Homage to the classics

Modern filmmakers take elements from all the above-mentioned films and sub-genres when creating gangster films today. These films build upon themes and motifs of movies made decades ago to tell new stories about the criminal world. Modern gangster films can be both dark and serious while having humorous, lighthearted moments that tell a rich story about the criminal world. The elements that these movies portray still fall to some of the original themes that were prevalent in the gangster movies of the 1930’s. The ideas of capitalism, living the American dream, gaining power and authority, and generally being in charge of one’s own life are still some of the most important themes in any gangster movie presented to today’s audience.

Money is the motivation

There is no doubt that capitalism is a motivating factor for many gangster films produced. The idea of using the system to gain financial security and wealth is an embedded idea into modern culture. We, as a society, have placed much emphasis on gaining financial security through our free market economy. Gangster films play off this idea for many motivations of their characters. A film’s lead role is many times motivated by getting rich because he or she came from nothing and saw how big money ran the world. Their actions throughout the film are to get to a higher status in society by acquiring the most money in the shortest time possible.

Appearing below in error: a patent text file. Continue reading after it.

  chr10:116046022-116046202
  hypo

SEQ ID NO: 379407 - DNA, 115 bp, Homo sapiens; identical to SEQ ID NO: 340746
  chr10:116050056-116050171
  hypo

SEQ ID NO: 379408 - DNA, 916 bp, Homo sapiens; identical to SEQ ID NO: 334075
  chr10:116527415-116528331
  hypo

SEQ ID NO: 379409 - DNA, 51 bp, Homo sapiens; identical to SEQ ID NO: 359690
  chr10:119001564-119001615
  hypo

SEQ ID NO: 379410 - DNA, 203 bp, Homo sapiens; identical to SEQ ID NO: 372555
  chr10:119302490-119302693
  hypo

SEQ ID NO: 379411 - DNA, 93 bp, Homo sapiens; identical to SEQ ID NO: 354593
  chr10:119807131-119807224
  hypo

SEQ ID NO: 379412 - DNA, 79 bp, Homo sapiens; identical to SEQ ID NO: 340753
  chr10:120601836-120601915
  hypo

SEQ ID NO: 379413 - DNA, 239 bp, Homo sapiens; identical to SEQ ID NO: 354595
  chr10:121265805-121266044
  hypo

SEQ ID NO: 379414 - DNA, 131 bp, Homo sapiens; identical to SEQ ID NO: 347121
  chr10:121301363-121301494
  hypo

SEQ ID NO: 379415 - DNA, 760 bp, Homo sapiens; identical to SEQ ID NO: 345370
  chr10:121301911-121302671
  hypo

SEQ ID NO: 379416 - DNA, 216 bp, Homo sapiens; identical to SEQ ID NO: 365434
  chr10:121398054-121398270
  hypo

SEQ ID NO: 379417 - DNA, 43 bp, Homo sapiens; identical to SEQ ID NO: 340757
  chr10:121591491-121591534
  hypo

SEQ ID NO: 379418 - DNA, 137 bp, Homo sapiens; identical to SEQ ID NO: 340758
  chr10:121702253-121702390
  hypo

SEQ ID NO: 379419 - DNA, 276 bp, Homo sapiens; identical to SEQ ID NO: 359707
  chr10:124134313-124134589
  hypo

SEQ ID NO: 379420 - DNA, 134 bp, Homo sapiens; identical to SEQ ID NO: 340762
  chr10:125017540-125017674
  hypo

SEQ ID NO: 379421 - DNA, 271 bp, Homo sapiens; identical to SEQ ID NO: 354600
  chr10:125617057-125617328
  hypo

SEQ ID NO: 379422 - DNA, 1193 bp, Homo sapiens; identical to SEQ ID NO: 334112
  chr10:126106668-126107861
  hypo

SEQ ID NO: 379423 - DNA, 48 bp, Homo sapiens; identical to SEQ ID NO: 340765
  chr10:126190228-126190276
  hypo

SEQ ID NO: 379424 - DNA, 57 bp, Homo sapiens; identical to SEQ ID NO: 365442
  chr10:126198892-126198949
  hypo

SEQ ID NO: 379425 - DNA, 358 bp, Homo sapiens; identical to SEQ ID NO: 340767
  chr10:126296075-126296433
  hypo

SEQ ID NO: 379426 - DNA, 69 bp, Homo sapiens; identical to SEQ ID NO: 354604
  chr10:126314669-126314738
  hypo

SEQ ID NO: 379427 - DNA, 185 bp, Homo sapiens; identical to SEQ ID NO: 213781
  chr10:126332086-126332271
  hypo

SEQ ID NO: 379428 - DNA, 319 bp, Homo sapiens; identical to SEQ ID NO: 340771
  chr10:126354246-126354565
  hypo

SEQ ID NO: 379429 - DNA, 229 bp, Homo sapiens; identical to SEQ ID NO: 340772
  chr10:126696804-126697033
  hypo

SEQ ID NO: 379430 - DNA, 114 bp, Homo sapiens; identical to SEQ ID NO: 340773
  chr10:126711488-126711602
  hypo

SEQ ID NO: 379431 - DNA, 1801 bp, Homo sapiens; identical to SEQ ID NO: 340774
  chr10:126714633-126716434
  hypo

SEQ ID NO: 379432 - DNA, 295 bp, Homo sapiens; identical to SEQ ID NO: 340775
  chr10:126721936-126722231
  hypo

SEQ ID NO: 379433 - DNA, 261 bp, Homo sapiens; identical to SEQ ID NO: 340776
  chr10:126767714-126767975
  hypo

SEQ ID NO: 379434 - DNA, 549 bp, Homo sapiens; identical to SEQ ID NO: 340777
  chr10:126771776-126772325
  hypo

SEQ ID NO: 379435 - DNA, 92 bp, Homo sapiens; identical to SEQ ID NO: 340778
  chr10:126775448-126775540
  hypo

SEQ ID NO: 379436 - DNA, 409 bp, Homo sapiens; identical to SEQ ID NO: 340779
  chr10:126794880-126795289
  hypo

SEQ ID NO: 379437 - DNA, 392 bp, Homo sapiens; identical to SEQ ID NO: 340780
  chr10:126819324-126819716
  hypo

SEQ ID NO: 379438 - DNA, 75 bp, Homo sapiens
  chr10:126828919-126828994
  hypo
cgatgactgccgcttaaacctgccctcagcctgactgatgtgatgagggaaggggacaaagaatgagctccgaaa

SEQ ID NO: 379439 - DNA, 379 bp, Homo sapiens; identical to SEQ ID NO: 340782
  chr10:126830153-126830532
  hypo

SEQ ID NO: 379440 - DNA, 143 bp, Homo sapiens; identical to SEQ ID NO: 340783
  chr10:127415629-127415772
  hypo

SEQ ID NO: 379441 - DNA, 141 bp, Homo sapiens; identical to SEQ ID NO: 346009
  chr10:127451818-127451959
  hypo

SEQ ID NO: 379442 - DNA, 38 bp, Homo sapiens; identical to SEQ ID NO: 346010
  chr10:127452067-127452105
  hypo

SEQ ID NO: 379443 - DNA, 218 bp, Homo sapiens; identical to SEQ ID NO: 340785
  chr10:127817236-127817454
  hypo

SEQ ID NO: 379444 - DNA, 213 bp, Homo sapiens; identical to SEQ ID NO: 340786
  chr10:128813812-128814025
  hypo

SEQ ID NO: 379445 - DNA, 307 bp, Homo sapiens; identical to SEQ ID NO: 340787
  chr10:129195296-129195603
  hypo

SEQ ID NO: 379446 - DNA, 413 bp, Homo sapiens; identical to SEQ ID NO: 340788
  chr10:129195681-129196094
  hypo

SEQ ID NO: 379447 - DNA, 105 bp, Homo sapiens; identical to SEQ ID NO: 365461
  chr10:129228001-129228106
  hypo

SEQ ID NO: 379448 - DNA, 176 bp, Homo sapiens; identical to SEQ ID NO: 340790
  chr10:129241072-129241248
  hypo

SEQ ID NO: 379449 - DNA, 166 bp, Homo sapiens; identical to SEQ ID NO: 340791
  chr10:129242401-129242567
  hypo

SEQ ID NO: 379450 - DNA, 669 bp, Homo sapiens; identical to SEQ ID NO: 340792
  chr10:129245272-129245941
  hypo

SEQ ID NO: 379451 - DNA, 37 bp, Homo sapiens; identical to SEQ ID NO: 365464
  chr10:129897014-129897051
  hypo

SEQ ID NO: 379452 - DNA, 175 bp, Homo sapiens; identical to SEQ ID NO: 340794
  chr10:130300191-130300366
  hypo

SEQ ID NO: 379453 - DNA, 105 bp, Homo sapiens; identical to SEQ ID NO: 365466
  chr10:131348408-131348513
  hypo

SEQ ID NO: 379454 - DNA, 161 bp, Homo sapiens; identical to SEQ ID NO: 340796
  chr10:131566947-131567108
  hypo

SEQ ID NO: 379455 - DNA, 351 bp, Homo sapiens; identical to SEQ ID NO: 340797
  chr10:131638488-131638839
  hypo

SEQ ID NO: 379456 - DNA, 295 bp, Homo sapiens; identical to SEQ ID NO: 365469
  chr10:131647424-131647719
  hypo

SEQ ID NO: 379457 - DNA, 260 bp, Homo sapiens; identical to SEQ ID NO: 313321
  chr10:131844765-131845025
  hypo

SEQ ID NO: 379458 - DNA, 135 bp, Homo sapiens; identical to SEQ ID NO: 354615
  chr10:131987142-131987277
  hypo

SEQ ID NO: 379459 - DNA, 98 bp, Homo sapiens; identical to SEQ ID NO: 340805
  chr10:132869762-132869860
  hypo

This is usually done by unconventional means that delve into illegal activities. Viewers can use the actions of the gangster to relate to their own life in a sense through this. Most viewers of a gangster film would never actually perform the activities that the movie’s characters perform such as murder, contributing to the drug culture of America through drug trafficking, or prostitution, however the viewer can see the consequences that getting involved in these trades have.  By manipulating vices that attract an addictive crowd, the gangster is able to accumulate a large amount of money very quickly through his or her own cunning and careful planning. Most viewers will see themselves in the character as they will feel they too could rise to such power with their own cunning and planning if they truly wanted to go into such business. This idea of manipulating the capitalist system is also tied to another important element of the gangster genre: living the American dream.